Dark Waters



11 December 2019| No Comments on Dark Waters     by Sean Chavel


The film had ended and I knew it wasn’t any ordinary selfish corporate entity poisoning water muckraker. I had been riled up and entertained by “Erin Brockovich” and enlightened by the underrated “A Civil Action” in the past. But as I toddled out of the theater exit doors, I stumbled onto a bench and looked out. I had looked out at the parking lot slopes and malls beyond, and looked some more. Perhaps I was waiting for another person who just saw Dark Waters to come by so we could strike up a conversation about it. I waited, but got cold. I went to my car, but I felt paralyzed. I was unable to start the car. Usually I see a movie, and I’m in a mandatory rush to get back to whatever real thing I got going. Obligations, responsibilities, errands. But I realized I was too shook up to drive. I have been shaken before at the end of “Detroit” in 2017, or “Elephant” in 2003. I succumbed to just sit there, which I relented and permitted myself to. I had plenty to think about, and after a half hour to compose my thoughts, only then was I ready to start the ignition and move on.

We already have enough issues to concern ourselves with in contemporary times. A current President who obstructs justice, our country’s broken agreement with Geneva convention, caged children at the border, foreign powers influencing the divide of political parties in-country. Bombarded by everything happening, I didn’t go into Dark Waters thinking it would be the most important movie of the year. But stunningly, it is about a real life case of corporate malfeasance at the highest levels that by the end seems to, in reckoning, tie together with every major problem going on, I believe.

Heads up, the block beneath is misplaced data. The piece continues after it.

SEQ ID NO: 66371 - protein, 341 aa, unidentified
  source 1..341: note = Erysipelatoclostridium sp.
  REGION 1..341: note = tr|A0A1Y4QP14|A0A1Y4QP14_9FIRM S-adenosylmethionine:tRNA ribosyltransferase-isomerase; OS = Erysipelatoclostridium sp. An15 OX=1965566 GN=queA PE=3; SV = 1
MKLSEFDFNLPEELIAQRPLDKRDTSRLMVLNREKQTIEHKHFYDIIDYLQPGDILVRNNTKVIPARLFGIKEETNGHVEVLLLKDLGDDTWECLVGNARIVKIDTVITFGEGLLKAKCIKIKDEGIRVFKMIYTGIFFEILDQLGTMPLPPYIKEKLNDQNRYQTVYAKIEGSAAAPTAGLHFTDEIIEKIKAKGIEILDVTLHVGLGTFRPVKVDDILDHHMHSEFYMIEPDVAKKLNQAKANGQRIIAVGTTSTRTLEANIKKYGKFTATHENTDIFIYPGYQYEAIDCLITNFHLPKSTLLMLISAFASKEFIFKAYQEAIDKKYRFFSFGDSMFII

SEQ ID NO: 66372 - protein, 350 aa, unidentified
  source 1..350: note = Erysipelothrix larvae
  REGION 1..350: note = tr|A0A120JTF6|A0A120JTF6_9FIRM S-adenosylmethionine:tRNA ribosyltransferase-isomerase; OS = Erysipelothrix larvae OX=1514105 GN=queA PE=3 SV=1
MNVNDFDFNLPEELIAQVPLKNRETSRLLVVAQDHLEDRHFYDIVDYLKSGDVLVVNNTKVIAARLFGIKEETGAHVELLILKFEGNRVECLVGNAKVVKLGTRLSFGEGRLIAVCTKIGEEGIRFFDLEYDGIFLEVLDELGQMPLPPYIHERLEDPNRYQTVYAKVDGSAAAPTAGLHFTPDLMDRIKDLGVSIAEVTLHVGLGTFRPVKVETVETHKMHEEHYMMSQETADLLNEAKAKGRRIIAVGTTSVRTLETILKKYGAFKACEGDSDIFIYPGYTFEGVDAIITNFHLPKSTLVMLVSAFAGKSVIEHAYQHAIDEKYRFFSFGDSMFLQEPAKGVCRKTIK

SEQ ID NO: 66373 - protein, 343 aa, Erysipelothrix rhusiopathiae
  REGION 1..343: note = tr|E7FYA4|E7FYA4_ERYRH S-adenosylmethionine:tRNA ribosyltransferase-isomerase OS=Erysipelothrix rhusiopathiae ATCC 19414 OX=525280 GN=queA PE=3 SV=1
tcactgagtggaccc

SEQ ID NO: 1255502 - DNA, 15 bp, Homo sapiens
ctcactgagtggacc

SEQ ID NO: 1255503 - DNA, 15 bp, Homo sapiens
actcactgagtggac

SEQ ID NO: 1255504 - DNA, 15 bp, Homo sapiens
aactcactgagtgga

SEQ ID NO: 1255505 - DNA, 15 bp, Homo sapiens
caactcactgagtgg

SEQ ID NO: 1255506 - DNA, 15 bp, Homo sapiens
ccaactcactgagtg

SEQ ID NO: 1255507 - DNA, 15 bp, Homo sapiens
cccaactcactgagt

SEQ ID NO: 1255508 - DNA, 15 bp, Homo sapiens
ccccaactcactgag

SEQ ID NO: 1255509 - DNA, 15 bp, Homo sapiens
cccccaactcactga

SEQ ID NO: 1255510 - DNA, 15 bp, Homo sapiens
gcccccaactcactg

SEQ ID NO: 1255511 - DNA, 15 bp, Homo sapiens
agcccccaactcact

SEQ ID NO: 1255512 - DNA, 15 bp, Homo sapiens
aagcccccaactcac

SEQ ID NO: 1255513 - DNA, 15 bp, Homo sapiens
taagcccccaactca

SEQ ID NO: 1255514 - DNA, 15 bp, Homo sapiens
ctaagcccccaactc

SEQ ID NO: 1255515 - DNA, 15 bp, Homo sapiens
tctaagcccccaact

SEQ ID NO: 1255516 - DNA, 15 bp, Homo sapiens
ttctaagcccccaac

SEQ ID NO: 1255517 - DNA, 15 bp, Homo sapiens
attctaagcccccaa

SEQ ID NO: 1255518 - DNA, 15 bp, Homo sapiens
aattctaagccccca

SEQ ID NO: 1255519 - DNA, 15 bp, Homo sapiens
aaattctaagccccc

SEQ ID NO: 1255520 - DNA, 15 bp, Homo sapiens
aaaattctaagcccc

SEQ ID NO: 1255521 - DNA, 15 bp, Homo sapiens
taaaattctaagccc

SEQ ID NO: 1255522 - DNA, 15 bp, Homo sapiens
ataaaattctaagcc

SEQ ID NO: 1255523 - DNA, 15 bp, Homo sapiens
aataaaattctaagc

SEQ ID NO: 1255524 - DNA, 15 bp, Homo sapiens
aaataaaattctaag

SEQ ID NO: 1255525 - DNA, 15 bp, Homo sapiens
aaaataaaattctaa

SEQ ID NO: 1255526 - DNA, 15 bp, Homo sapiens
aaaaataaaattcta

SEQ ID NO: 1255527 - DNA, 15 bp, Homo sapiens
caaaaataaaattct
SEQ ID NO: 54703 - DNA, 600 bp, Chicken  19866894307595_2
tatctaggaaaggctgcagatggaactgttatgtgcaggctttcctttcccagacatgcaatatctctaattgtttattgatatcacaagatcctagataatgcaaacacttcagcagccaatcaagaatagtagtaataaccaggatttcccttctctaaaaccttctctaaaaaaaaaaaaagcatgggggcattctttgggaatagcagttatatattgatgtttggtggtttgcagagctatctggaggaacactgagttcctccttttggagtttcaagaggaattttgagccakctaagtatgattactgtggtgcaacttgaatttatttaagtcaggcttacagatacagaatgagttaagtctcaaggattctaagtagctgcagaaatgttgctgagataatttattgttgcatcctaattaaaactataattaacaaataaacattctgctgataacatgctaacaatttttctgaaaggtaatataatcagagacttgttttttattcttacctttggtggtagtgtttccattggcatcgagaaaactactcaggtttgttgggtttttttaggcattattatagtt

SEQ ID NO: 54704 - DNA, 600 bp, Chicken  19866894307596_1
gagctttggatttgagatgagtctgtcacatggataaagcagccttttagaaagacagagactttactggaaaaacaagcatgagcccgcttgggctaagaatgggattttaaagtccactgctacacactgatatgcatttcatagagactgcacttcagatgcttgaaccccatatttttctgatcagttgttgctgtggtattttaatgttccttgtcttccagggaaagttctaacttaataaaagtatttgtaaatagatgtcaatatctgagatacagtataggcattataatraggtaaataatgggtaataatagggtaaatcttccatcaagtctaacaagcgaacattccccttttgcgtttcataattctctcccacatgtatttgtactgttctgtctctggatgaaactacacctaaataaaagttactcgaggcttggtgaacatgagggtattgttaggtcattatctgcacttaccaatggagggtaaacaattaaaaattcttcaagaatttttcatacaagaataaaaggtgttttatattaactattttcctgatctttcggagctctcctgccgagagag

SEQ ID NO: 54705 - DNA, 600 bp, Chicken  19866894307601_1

I imagine everyone involved with the making of the film must have thought, This Is Going To Be Unpopular, but it has to be said and the appalling message must be spread.

Mark Ruffalo (who also served as producer) as Robert Billot has a prestigious attorney job for a dreamy wood paneled and high floor window West Virginia firm. He falls into a case representing an uneducated farmer with a redneck vernacular (Bill Camp, and I don’t want to get too caught up discussing the acting but what a searing performance he gives; likely to go unnoticed by awards circuits), who claims that the livestock of his that has been dying is due to contamination waste dumped from DuPont.